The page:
Monsters Vs Aliens review

People are under the impression that Pixar is so successful because its humour is aimed at adults while children are entertained by the pretty colours and cute characters. It is true that Pixar films are mature, but not in their humour. After all, many of the jokes are pure slapstick and appeal to all ages; the maturity is in the plots. Look at The Incredibles, that film is about trying to reclaim the glory days of your youth, with the overarching moral that danger, duty and morality are inconsequential compared to the pursuit of greatness – a philosophy taken straight from Nietzsche.

Looks like Dreamworks have finally got that message with their answer to The Incredibles; literally, as Monsters vs Aliens desperately wants to be that film.

It isn't, but it's damn close. A cast of top-class comedians form a team of 50s B-movie monsters, including: 50-foot woman, Reese Witherspoon's faintly gynaecological-sounding Ginormica; Seth Rogen's lovable Blob without a brain, B.O.B,; Will Arnett's monster from the black lagoon, The Missing Link; Hugh Laurie's The Fly-inspired insectoid mad scientist, Dr Cockroach; and the hilarious, transgendered, Mothra-alike, Insectasaurus. Together, they team up to fight an alien invasion led by Rainn Wilson's Galaxhar. Along for the ride are monster-wrangler General W R Monger (Kiefer Sutherland) and Stephen Colbert as the President of the USA – how cool is that concept?

Unfortunately, the latter two are the weak links; both manage to take something away from the film's best characters. You really want to be knocked out by the brilliant puns, but they just don't seem to hit the button. Sutherland, in particular, simply reads the lines in his marine voice from Call of Duty, with little attempt to act them.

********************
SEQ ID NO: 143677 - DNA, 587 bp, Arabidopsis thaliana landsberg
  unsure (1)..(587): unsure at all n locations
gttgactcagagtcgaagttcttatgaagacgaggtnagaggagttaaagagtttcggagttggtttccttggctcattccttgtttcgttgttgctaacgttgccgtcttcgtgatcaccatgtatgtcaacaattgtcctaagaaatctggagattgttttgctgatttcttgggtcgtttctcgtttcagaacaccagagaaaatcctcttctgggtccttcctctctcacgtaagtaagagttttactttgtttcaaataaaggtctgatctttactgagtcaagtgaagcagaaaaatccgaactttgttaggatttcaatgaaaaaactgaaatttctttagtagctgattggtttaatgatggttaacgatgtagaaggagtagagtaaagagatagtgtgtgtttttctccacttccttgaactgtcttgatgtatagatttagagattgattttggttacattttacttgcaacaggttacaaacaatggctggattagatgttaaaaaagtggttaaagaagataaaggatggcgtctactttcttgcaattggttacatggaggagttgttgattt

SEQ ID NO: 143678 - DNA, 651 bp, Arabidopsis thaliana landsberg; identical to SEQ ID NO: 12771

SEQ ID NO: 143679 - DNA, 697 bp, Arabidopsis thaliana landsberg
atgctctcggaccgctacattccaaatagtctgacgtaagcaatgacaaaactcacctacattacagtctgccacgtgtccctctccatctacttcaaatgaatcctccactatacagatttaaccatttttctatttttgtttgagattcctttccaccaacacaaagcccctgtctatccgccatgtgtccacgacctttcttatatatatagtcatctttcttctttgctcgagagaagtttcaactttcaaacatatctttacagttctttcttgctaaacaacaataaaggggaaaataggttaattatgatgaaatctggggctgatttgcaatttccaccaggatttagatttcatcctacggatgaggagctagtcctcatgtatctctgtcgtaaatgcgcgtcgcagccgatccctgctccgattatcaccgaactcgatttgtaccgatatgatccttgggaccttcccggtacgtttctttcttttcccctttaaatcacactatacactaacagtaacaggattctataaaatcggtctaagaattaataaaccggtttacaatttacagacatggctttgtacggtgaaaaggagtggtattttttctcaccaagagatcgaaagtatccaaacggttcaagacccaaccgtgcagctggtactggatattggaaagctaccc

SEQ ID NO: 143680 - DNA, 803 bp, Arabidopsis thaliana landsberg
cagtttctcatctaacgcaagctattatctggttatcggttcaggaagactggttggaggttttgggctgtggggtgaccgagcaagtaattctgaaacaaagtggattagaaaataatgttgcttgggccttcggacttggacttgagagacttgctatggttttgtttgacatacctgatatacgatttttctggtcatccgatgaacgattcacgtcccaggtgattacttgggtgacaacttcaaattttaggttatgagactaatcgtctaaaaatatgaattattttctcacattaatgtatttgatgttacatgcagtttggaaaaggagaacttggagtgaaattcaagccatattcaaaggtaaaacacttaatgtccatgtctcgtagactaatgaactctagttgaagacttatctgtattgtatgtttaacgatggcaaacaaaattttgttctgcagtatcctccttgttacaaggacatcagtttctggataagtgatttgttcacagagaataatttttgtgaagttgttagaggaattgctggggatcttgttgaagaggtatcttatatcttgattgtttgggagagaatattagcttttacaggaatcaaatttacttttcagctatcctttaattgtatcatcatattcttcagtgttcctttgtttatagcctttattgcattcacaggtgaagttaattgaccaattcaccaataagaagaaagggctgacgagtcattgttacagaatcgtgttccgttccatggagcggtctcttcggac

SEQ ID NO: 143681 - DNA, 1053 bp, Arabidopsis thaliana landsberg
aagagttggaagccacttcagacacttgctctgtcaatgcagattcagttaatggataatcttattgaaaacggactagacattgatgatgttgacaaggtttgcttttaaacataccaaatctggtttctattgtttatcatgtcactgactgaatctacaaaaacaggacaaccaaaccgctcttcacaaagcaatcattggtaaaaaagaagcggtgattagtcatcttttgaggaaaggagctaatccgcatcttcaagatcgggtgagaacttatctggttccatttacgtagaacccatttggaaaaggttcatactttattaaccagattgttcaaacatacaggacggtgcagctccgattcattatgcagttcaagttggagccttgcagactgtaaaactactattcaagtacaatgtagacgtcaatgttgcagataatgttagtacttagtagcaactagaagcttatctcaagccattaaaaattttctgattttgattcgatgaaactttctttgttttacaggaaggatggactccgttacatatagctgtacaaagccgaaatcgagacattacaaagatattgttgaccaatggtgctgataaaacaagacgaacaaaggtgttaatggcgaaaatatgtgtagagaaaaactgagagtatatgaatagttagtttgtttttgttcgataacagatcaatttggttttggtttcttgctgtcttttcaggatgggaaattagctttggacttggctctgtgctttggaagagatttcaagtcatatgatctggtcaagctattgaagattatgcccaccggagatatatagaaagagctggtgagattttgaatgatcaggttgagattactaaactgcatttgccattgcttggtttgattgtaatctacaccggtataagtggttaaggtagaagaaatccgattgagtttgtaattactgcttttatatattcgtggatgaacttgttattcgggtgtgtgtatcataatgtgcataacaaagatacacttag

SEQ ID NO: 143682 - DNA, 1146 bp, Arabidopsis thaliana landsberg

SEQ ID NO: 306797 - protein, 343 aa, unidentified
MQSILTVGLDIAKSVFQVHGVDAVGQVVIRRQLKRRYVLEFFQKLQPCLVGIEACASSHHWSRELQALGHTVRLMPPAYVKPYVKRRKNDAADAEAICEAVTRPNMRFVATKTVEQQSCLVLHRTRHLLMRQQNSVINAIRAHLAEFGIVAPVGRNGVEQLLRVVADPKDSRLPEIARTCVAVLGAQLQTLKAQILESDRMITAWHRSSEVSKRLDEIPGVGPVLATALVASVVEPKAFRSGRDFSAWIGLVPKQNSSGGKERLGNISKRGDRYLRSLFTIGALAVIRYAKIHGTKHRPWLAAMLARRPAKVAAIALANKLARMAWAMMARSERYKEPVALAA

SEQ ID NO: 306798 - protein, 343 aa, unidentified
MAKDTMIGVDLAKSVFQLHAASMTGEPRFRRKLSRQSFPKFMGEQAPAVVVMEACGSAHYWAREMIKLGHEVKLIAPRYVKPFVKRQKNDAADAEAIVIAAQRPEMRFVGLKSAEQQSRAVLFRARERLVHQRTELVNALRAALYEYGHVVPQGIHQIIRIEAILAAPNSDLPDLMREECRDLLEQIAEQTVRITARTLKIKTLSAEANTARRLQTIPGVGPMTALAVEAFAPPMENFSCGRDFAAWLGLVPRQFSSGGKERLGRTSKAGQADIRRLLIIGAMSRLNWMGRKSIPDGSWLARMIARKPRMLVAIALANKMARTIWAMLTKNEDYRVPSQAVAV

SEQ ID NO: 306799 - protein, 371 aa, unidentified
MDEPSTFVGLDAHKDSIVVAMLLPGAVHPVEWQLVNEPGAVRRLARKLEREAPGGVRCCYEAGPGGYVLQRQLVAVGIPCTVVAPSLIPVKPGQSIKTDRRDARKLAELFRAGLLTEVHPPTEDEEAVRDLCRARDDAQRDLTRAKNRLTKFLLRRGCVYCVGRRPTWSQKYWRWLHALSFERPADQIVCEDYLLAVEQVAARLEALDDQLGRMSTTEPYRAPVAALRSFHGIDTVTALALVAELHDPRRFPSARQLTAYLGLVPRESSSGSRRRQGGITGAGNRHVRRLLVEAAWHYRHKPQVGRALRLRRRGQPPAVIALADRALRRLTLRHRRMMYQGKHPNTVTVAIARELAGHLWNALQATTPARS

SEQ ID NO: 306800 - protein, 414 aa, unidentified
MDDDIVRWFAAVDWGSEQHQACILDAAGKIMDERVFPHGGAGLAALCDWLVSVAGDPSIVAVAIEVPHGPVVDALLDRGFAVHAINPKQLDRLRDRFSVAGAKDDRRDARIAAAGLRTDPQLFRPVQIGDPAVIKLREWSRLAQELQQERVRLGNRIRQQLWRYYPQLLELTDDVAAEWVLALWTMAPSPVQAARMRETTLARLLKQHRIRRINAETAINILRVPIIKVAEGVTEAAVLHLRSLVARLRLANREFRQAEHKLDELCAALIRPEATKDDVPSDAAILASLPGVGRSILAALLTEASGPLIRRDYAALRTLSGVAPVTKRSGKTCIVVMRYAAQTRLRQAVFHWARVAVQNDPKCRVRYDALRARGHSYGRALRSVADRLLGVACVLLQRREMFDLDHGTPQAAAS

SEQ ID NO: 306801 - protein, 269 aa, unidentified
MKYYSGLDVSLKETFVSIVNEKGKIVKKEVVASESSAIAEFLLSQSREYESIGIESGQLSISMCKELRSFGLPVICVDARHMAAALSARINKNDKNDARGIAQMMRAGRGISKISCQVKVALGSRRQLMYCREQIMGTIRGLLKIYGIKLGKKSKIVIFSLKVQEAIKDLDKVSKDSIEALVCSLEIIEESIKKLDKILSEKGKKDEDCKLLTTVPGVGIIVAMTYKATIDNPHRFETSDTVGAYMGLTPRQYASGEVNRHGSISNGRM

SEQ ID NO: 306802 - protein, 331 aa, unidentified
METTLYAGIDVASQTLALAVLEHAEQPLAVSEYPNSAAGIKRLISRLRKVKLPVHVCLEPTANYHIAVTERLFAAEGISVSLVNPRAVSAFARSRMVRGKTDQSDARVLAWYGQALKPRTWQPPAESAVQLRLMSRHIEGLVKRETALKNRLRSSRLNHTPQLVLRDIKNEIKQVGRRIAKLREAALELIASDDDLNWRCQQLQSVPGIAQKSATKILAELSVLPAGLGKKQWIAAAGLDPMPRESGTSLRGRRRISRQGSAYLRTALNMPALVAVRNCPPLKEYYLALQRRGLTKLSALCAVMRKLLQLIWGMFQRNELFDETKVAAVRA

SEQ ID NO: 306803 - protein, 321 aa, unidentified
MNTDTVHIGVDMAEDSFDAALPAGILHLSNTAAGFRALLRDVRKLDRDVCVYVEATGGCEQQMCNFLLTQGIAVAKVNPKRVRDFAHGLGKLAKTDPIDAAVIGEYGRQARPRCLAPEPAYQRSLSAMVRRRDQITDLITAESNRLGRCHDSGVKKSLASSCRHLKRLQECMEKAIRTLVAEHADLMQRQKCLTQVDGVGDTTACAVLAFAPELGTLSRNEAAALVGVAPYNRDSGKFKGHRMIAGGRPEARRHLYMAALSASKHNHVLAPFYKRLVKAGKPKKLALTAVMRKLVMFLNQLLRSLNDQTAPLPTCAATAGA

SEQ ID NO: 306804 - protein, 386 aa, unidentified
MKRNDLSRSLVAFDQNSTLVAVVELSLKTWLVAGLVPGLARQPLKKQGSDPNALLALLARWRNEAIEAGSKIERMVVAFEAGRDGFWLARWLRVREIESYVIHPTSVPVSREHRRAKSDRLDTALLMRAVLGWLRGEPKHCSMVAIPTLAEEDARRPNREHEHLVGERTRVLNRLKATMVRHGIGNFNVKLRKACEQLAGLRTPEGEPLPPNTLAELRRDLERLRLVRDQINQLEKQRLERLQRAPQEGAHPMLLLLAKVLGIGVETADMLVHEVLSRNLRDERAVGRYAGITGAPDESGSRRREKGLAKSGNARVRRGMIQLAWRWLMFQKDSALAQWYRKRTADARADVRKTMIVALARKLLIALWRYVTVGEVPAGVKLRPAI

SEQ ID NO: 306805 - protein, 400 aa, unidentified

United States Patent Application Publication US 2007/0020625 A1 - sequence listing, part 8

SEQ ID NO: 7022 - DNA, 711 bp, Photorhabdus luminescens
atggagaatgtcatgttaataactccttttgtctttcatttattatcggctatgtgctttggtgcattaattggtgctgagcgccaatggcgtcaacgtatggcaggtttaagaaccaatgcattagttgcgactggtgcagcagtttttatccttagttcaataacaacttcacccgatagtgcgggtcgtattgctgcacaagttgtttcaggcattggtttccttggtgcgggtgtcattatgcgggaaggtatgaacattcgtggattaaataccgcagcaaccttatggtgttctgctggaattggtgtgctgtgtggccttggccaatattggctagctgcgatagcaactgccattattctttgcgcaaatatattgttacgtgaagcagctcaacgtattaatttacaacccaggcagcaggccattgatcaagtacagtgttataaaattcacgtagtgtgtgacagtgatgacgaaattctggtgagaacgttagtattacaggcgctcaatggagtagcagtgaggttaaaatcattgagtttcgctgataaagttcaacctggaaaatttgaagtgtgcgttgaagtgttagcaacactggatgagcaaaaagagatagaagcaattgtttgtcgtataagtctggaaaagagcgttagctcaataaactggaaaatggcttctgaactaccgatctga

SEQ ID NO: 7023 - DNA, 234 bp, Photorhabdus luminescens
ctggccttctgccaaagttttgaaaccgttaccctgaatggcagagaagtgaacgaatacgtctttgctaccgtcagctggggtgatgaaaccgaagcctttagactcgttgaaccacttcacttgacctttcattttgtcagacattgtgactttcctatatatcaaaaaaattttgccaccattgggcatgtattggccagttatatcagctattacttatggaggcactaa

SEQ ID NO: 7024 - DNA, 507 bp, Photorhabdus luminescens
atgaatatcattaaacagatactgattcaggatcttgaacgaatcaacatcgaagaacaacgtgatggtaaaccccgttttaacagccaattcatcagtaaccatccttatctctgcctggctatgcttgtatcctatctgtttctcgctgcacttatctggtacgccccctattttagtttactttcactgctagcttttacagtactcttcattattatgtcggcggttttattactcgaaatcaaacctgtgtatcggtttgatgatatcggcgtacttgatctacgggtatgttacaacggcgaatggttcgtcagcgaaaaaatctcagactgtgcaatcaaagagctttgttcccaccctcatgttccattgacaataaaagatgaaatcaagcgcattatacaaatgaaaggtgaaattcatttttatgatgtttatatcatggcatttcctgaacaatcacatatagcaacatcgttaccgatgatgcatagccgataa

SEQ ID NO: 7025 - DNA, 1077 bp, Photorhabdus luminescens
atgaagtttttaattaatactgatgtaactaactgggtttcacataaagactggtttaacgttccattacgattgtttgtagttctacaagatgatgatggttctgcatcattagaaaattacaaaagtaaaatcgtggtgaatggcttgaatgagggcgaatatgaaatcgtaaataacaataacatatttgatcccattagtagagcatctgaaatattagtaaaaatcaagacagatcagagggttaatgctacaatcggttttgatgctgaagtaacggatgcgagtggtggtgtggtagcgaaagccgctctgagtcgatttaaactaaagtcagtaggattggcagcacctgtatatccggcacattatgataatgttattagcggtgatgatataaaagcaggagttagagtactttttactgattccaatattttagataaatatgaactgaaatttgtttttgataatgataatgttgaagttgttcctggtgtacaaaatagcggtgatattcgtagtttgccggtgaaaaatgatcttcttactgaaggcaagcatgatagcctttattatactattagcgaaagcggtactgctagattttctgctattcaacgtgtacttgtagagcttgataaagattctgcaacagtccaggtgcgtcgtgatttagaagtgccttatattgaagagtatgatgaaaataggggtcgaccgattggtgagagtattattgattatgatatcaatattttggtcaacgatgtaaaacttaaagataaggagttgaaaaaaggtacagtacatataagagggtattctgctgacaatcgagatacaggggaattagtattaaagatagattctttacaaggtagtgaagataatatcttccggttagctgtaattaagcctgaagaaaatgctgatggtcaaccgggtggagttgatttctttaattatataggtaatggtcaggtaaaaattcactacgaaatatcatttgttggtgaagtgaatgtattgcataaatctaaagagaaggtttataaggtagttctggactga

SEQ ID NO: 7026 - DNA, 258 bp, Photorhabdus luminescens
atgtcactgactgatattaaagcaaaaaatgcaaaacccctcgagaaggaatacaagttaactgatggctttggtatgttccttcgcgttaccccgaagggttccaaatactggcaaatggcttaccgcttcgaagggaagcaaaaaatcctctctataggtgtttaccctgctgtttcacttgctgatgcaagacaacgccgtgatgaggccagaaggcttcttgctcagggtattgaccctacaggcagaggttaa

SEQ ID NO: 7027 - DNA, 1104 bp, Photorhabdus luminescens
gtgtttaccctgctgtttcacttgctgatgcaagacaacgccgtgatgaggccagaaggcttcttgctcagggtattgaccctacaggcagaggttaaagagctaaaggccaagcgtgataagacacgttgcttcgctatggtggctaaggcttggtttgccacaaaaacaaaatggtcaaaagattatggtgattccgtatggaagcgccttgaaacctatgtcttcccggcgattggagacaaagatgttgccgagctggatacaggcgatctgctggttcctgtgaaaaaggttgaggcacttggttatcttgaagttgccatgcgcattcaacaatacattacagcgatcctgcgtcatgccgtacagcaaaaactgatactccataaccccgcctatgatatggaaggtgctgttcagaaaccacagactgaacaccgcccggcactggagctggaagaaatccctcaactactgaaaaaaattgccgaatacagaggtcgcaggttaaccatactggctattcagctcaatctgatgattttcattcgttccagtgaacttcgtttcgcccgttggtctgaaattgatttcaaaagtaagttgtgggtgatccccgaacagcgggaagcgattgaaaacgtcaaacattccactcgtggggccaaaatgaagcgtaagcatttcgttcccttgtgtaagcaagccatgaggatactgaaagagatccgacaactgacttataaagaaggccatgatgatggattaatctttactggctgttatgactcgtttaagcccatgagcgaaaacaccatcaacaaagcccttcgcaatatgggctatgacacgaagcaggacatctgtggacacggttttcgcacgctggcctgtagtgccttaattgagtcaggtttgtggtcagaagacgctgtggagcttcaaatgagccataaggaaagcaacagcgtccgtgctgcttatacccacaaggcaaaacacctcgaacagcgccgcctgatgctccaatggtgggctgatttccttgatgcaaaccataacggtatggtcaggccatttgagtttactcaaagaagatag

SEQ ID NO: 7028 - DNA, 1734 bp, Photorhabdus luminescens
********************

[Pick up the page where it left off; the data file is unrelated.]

Witherspoon, on the other hand, goes a long way towards making me feel guilty for every bad thing I've ever said about her, generating both laughs and sympathy in every scene. The same goes for the rest of the monster squad; and this is where the film works. Whether the jokes hit or miss, you love these characters, their personality and, above all, their ridiculousness.

The film's other success is the way the piece avoids the pitfall of so many superhero offerings. Creating the characters is only half the battle, giving them something to do is as important; and Dreamworks have managed to create some dynamic action sequences. The final part of the process involves creating a suitable villain, and Galaxhar is as threatening as he is laugh-out-loud funny.

MvsA has been accused of failing because its humour is aimed squarely at kids. I ask how a child is supposed to get the Sutherland character's pun name, or Colbert playing the Close Encounters of the Third Kind theme to the aliens. They don't, but they get it when he then expands into a full on jam session, complete with moonwalking. Silly doesn't mean dumb, and it's also hilarious.

The film doesn't quite hit the classic status of The Incredibles as it does lack the intelligence necessary to riff on Nietzsche and the coolness to justify Samuel L Jackson's presence; but it is a great big, fun rollercoaster ride that is destined to be seen in 3D Imax. Though not the first modern 3D film, it is fitting that MvsA brings the medium back into the public eye as an homage to the 50s B-movies that started it, and it does so successfully. Definitely worth a watch; Galaxhar out.

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